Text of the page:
Village of wide lawns, well-watered sidewalks
The drought continues for everyone except the White Sox, and in Oak Park that means a return of one of the grandest old village traditions: watering the sidewalk. As one walks about town, it is impossible not to notice that almost every manually-placed sprinkler has been perfectly positioned so the spray overshoots the grass and hits the sidewalk (or street). How much water actually makes it to root systems is, at best, questionable. Pedestrians are forced to actually walk on the grass, adding insult to injury, in order to avoid the wayward spray.
Not that watering grass is worth the time, effort, and precious natural resource. Most experts say the grass will come back once it starts raining again. Target the trees instead, they say. For one thing, they’re bigger, so Oak Park homeowners have a much better chance of actually hitting their target.
Meanwhile, over on the Marion Street mall, the sodded square where once the Sawyer business college squatted, which had served as a kind of “village green” while the property awaits development, has now become the “village brown.”
If it doesn’t rain soon, things could get out of hand. One day recently, while walking on Forest Avenue across from Community Bank, we smelled the aromatic bouquet of what appeared to be incense.
On closer inspection, we discovered that the dried wood mulch chips surrounding one of the parkway trees was actually on fire! Not a big fire, mind you, but it took a fair amounting of stamping to put out.
Oak Park’s the charm?
Getting back to the White Sox, their recent 8-game win streak, broken only by two generous giveaways to the Cubs, started on June 15, which just happened to coincide with the annual Oak Park Youth Baseball/Softball night at U.S. Cellular Field. Hundreds of tiny local ballplayers circled the enormous field, then settled in to watch the Sox score 10 runs in the 6th inning to turn the game around. We like to think Oak Park was the good luck charm, and if by some cosmic miracle the Sox go to the World Series this year, the village should claim full credit.
By the way, the OPYBS representative chosen to throw out the game’s honorary first pitch was Mike Marchetti, who has coached at the Bronco level for 22 years. He’s retiring at the end of this season.
Garage top ‘closed’
The village planned to keep the top of the OPRF parking garage free of fireworks watchers Monday night, but spectators found their way up anyway.
Village spokesman David Powers said police and fire officials determined the garage top to be a “fire safety hazard,” and banned it as a watching site for the second year in a row.
Powers pointed to stadium seating, blocked off streets surrounding the high school field, and South Field turf as possible viewing spots.
“There’s plenty of places to watch other than the garage,” he said.
But when the fireworks went off at 9:15 p.m. July 4, the top floor of the garage was lined with gawkers.
Too bad. There were plenty of seats in the stands.
The Taylors of Taylor Ave.
Recently we looked up the number for a family named Taylor and noticed that they lived, appropriately enough, on Taylor Avenue. Perusing further, we discovered there are no less than four listings for Taylors on Taylor Avenue. Taylor, as it happens, is a much more common name than people might think. In fact, there are no less than 63 listings for Taylors in the local phone book.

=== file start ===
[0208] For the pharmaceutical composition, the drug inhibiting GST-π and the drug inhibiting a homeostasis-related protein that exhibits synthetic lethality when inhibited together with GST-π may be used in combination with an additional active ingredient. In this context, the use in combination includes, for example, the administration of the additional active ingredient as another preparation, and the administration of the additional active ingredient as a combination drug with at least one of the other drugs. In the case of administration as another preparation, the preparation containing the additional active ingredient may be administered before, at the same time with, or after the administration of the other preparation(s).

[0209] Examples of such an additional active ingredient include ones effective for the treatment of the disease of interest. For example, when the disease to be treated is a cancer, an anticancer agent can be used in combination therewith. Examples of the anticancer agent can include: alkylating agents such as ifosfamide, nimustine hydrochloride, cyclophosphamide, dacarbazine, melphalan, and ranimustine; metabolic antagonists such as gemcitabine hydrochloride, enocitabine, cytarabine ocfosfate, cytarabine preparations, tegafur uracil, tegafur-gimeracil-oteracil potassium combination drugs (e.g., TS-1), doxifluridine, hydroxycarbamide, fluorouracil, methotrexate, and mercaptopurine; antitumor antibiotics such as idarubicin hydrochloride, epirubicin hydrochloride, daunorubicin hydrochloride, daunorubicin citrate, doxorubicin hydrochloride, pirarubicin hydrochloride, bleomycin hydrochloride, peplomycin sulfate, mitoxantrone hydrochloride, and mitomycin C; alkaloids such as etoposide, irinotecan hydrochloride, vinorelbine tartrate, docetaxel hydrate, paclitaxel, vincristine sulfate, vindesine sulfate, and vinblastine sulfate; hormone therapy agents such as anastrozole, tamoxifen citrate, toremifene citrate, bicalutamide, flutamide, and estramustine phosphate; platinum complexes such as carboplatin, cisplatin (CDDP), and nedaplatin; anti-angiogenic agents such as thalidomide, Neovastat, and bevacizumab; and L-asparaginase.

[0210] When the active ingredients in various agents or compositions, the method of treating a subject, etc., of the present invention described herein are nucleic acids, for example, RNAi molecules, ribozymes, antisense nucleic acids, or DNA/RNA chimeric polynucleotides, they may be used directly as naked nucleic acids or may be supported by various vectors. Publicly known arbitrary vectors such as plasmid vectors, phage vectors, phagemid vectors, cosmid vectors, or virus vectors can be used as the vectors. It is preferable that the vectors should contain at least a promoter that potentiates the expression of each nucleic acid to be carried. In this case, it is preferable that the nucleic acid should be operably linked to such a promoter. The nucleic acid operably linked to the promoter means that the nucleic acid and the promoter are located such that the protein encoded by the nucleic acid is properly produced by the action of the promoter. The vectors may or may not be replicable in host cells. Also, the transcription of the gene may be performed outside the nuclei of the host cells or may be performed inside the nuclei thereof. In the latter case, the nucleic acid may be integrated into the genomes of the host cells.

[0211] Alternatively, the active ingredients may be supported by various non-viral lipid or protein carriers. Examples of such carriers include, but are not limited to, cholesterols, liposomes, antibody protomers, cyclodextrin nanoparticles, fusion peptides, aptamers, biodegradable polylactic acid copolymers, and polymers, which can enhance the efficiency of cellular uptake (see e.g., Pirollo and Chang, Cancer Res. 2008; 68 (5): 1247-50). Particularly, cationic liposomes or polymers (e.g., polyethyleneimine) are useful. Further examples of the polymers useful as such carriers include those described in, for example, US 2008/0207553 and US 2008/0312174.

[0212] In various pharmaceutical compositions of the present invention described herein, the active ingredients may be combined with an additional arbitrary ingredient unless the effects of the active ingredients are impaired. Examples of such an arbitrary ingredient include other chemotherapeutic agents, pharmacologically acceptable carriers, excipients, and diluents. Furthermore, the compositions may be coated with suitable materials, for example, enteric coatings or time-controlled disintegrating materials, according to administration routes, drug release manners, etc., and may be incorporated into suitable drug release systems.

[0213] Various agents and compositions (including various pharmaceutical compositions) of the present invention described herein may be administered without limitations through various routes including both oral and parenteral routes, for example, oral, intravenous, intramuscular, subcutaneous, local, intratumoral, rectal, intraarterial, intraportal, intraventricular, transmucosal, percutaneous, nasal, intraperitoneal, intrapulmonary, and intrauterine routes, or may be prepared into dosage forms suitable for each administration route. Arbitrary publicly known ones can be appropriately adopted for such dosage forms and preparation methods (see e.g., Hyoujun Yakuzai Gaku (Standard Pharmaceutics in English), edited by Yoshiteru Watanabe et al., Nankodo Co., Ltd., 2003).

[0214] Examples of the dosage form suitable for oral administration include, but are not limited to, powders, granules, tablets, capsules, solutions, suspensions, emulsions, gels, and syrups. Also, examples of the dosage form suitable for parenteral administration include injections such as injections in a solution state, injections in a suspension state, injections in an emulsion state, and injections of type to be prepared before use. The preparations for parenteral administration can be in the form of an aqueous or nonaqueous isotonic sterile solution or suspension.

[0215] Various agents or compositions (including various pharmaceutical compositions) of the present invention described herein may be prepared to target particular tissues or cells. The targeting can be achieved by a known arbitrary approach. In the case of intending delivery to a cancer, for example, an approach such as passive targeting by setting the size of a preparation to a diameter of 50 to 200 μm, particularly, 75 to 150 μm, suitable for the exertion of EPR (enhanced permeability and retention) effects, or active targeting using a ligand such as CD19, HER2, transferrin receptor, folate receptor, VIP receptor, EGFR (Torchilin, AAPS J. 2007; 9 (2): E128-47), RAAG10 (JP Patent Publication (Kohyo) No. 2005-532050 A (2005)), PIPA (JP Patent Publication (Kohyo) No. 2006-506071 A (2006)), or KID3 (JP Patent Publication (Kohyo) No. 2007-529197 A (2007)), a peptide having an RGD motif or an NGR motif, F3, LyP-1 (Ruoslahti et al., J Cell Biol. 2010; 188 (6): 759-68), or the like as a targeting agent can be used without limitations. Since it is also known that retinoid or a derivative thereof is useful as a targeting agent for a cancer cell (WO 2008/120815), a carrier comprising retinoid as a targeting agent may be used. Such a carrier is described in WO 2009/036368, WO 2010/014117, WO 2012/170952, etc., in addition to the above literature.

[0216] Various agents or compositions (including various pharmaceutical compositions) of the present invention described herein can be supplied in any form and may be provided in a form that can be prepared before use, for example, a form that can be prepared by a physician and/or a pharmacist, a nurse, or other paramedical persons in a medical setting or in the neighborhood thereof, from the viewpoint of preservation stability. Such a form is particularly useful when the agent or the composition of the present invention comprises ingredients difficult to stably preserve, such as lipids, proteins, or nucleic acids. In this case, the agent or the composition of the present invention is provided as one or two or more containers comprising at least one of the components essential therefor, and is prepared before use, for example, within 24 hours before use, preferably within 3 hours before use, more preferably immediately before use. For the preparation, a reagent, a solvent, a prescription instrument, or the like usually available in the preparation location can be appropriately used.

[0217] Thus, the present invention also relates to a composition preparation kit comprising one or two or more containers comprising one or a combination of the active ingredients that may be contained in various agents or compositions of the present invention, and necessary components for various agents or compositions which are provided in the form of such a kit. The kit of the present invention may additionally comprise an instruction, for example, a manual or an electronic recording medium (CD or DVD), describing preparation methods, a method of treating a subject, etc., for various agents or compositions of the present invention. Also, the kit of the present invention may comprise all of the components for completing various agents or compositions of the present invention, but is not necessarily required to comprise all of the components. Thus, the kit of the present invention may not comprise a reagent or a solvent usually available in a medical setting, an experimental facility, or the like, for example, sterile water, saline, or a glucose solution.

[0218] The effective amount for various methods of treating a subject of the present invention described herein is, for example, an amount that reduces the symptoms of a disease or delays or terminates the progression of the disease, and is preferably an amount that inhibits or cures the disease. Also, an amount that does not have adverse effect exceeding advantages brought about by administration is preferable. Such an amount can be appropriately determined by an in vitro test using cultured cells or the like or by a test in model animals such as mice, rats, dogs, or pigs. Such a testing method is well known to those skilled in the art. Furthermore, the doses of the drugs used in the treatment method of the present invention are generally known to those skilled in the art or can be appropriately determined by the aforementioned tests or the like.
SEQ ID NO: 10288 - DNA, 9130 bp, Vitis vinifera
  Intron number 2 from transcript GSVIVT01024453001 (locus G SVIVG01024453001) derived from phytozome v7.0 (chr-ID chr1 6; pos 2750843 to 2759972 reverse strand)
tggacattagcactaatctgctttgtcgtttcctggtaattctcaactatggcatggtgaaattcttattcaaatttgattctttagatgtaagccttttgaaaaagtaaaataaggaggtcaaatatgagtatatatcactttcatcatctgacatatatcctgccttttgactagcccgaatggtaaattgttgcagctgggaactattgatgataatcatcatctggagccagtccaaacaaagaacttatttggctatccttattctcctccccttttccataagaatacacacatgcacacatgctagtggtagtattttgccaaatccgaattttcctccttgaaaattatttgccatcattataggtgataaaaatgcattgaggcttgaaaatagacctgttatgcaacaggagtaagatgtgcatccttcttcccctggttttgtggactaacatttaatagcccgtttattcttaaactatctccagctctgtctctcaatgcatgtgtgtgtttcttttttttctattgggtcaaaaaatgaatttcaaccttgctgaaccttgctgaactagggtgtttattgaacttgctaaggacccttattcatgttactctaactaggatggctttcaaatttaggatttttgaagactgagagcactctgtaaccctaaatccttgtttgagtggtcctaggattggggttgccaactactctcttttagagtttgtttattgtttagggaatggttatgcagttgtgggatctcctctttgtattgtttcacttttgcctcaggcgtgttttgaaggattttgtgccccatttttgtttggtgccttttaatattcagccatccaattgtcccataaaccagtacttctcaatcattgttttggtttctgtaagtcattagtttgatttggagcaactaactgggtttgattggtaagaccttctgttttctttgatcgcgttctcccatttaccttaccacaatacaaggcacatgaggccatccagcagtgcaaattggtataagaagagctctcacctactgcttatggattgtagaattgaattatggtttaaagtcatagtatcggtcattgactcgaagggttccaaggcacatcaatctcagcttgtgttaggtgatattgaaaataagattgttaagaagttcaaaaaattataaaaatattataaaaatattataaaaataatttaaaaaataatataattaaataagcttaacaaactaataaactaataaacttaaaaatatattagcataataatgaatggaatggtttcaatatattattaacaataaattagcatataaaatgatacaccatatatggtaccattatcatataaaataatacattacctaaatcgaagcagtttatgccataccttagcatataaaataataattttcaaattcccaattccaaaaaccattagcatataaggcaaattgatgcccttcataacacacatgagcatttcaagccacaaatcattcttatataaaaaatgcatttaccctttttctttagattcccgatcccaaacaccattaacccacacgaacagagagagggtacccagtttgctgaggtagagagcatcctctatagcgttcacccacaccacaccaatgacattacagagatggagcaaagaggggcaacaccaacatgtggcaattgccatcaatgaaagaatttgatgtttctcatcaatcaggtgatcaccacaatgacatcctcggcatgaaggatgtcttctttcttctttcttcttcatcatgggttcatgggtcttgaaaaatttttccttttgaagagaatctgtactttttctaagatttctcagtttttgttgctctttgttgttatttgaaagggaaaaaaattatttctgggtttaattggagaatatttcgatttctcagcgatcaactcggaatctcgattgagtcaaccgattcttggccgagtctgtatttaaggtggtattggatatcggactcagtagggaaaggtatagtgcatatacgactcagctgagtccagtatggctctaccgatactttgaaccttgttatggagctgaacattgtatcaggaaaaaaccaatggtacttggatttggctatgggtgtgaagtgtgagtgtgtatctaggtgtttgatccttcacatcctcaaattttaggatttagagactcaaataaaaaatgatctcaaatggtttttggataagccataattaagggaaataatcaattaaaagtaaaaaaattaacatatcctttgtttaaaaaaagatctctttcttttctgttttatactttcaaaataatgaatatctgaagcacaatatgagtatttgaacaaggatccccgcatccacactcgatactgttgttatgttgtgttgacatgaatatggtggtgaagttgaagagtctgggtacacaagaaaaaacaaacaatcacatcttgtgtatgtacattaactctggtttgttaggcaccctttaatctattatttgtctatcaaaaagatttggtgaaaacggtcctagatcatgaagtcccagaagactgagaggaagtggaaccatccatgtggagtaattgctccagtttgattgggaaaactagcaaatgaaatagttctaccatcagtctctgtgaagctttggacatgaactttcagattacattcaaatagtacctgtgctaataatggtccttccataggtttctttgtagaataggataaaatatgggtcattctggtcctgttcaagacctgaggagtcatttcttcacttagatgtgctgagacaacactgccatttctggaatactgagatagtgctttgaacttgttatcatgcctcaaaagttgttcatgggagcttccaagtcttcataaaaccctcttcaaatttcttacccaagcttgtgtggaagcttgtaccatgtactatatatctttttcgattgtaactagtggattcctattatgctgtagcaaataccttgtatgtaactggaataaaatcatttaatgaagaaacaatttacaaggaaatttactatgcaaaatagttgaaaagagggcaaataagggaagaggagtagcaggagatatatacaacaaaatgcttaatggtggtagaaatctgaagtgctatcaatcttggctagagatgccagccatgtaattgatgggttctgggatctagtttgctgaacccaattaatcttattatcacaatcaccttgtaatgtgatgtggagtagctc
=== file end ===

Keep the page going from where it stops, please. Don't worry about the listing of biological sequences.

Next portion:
We wondered if this coincidence applied to any other streets, but discovered there are no Humphreys listed on Humphrey, no Harveys on Harvey (last name anyway), no Austins on Austin (though there is one on Humphrey, a block away), no Wesleys on Wesley, no Scovilles on Scoville, and no Clintons on either Clinton (River Forest has one too). There is, however, one Washington on Washington Boulevard.
You’re right. We don’t have enough to do.
You say ‘bump,’ we say ‘truncated dome’
Don’t be alarmed if the corners of some Oak Park sidewalks are looking red and strangely bumpy lately. According to Village Engineer Jim Budrick, these sidewalks with “truncated domes” (aka “bumps”) are designed to meet the newest state standards for handicapped accessibility. The domes serve as a “tactile warning system,” Budrick said, that alerts people with impaired vision to an intersection ahead.
The domed corners have been installed on intersections along Oak Park Avenue and Madison Street, but the village is only replacing corners where construction is being done anyway. “We replace the corners as [we] get to them,” Budrick said.
Gold Willow Diadem Brocade shells?
Even if you are a seasoned attendee of Oak Park’s annual Fourth of July fireworks display, one thing you probably don’t know is the names of your favorite fireworks.
So, for future reference, here’s a list of the fireworks included in this year’s grand finale: Golden Kamuro Rainfall; Red, White, and Blue Angle Barrage; Salutes with Silver Tails; Multi-Colored Peonies; Mix Chrysanthemums; Special Effect Patterns (specifically, Tourbillions, Serpents, Whistles, Tiger Tails); Coconut Palms with Tails; Color-Changing Dahlias; Titanium Salutes with tails. Also featured were a “special selection of ‘canopy shells,'” including: Red, White, and Blue Peony; Silver to Blue to Red Peony; Silver Coconut Palm Tree; Crackling Golden Kamuro; Gold Willow Diadem Brocade; and Brilliant Green to Gold Chrysanthemums.
There will be a quiz next year.